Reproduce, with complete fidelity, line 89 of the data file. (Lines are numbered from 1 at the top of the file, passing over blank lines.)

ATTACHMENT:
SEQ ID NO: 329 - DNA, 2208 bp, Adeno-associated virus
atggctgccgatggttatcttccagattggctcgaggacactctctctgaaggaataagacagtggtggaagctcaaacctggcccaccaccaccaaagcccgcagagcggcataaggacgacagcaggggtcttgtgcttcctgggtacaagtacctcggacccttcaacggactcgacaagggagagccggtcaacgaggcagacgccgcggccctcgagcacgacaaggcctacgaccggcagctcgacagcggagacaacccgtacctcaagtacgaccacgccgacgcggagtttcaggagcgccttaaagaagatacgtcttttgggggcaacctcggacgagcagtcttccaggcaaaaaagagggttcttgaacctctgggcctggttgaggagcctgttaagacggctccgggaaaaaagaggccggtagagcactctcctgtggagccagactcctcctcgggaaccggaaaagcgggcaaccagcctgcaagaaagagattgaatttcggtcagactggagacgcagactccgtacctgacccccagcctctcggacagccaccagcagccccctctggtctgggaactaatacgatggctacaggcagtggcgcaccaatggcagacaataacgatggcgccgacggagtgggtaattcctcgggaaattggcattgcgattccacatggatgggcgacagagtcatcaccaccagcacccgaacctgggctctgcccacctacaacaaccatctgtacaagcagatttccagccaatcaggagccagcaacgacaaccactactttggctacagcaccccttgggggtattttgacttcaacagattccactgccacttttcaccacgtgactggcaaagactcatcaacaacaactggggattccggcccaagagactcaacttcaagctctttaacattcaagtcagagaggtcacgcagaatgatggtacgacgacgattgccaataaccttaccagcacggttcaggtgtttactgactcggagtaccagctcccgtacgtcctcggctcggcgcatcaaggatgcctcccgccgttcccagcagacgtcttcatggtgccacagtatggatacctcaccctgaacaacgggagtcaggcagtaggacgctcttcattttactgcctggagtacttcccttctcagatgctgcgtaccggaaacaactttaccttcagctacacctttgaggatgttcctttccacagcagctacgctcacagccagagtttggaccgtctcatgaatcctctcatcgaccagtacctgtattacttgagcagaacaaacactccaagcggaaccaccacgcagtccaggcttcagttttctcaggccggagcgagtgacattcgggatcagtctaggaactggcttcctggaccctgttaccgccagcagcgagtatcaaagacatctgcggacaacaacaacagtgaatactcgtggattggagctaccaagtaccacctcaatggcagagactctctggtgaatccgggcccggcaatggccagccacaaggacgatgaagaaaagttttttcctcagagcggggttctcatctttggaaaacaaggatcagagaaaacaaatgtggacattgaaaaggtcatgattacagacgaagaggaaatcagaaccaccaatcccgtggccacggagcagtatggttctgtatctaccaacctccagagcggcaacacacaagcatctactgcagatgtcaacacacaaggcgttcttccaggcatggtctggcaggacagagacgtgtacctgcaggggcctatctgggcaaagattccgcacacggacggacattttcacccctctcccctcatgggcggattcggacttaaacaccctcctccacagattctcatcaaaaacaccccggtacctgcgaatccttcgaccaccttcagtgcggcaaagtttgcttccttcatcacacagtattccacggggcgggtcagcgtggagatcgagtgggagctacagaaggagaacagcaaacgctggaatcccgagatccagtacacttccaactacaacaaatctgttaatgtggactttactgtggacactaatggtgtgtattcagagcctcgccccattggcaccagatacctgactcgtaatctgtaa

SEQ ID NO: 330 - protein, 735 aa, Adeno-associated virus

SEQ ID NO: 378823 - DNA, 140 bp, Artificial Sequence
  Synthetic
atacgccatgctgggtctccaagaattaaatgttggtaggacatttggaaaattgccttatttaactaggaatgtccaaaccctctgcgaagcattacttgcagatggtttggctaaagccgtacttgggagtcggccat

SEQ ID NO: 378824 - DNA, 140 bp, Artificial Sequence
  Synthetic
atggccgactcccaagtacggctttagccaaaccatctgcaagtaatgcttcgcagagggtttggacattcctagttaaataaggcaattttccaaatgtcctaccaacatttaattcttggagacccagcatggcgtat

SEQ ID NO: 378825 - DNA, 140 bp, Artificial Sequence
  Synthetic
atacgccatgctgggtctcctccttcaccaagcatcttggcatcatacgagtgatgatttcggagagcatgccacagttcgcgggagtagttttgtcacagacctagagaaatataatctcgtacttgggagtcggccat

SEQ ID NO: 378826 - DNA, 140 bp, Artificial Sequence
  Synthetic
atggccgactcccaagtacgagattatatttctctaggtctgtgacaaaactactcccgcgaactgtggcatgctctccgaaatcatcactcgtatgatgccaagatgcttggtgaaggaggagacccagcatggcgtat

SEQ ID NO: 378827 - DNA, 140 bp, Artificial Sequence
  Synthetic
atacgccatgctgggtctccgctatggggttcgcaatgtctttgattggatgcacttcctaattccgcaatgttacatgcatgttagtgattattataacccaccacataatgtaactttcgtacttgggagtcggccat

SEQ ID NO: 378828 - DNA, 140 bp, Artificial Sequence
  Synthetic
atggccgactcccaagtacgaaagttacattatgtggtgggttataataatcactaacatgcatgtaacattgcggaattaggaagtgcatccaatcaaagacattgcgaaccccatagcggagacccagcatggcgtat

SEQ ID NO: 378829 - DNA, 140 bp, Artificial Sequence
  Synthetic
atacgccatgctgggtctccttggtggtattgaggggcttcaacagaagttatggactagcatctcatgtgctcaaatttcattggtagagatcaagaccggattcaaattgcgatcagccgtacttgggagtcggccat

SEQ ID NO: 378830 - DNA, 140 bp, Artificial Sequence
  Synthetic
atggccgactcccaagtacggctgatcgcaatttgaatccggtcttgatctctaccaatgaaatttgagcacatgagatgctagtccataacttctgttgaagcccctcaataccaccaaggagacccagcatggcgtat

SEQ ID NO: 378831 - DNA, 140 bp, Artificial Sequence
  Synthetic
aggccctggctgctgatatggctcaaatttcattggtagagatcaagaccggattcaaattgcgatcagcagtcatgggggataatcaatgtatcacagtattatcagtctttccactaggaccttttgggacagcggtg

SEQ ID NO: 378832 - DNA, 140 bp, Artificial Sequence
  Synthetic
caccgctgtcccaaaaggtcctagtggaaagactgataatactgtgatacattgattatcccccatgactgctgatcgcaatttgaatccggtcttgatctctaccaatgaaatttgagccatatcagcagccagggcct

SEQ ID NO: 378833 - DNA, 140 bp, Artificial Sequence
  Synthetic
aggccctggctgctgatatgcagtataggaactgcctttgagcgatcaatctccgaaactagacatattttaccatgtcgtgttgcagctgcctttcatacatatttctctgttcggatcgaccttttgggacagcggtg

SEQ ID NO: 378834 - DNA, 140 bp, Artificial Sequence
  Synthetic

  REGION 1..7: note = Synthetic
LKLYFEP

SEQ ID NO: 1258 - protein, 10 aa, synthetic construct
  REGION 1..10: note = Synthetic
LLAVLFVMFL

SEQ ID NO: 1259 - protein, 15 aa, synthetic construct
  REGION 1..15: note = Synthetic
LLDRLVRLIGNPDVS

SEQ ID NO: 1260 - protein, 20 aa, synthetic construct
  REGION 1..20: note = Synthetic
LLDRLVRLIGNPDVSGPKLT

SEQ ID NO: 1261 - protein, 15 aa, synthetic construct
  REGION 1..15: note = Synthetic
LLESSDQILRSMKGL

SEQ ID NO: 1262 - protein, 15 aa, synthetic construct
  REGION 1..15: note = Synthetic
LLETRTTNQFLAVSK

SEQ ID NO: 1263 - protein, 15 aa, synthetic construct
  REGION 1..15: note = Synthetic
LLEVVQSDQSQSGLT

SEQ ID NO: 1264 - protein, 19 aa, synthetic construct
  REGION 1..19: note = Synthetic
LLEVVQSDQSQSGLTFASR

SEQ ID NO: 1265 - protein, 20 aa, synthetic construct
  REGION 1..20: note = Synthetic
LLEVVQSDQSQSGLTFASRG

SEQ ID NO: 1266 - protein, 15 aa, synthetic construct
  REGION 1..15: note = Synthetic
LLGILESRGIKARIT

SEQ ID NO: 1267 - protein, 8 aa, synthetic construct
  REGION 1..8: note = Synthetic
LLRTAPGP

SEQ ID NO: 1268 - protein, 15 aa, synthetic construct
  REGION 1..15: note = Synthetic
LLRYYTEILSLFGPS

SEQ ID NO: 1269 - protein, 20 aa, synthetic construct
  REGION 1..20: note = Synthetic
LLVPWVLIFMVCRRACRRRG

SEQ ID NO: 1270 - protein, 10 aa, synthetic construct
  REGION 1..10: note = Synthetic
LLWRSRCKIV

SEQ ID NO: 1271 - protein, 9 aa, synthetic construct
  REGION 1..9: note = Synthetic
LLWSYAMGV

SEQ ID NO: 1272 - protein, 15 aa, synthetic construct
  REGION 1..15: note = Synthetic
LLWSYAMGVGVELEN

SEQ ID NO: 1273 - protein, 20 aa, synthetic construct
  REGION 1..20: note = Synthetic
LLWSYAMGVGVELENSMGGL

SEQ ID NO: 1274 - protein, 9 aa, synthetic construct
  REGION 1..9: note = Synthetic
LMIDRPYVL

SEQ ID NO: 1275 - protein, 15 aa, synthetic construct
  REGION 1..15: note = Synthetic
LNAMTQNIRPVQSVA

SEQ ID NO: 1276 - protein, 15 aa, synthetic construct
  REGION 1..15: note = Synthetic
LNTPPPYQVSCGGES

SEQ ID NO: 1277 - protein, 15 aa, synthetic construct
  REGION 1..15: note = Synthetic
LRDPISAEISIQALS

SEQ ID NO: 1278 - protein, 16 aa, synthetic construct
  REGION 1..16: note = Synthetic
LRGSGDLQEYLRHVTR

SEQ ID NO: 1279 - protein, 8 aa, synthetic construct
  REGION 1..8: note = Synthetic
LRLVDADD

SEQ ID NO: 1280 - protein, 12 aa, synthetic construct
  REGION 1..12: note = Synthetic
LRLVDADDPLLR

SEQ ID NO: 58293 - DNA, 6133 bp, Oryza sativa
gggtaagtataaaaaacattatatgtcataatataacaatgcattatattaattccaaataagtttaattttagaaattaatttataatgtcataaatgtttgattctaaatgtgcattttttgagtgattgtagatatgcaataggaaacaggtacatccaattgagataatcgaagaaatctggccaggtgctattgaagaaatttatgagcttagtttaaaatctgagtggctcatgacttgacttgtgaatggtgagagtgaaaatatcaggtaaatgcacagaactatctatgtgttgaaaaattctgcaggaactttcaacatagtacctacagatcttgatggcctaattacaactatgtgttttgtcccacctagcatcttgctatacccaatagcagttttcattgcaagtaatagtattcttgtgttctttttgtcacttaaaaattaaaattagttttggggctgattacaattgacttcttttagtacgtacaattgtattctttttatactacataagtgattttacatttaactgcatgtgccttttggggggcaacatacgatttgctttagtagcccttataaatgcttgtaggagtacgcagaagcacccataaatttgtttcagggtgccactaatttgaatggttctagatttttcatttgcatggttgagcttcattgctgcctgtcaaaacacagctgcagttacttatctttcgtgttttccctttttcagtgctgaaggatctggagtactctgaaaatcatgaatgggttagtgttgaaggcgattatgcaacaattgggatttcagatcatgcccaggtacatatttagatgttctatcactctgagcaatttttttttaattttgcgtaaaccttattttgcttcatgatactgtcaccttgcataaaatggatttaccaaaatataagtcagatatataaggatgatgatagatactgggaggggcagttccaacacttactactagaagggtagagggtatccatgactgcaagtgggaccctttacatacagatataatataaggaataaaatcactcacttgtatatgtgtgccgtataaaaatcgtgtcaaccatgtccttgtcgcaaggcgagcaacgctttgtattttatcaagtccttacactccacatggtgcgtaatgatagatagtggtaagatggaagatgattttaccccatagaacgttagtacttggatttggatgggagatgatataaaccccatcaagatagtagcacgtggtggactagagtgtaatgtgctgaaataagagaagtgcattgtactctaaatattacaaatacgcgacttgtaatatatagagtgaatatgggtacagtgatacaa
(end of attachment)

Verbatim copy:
SEQ ID NO: 1274 - protein, 9 aa, synthetic construct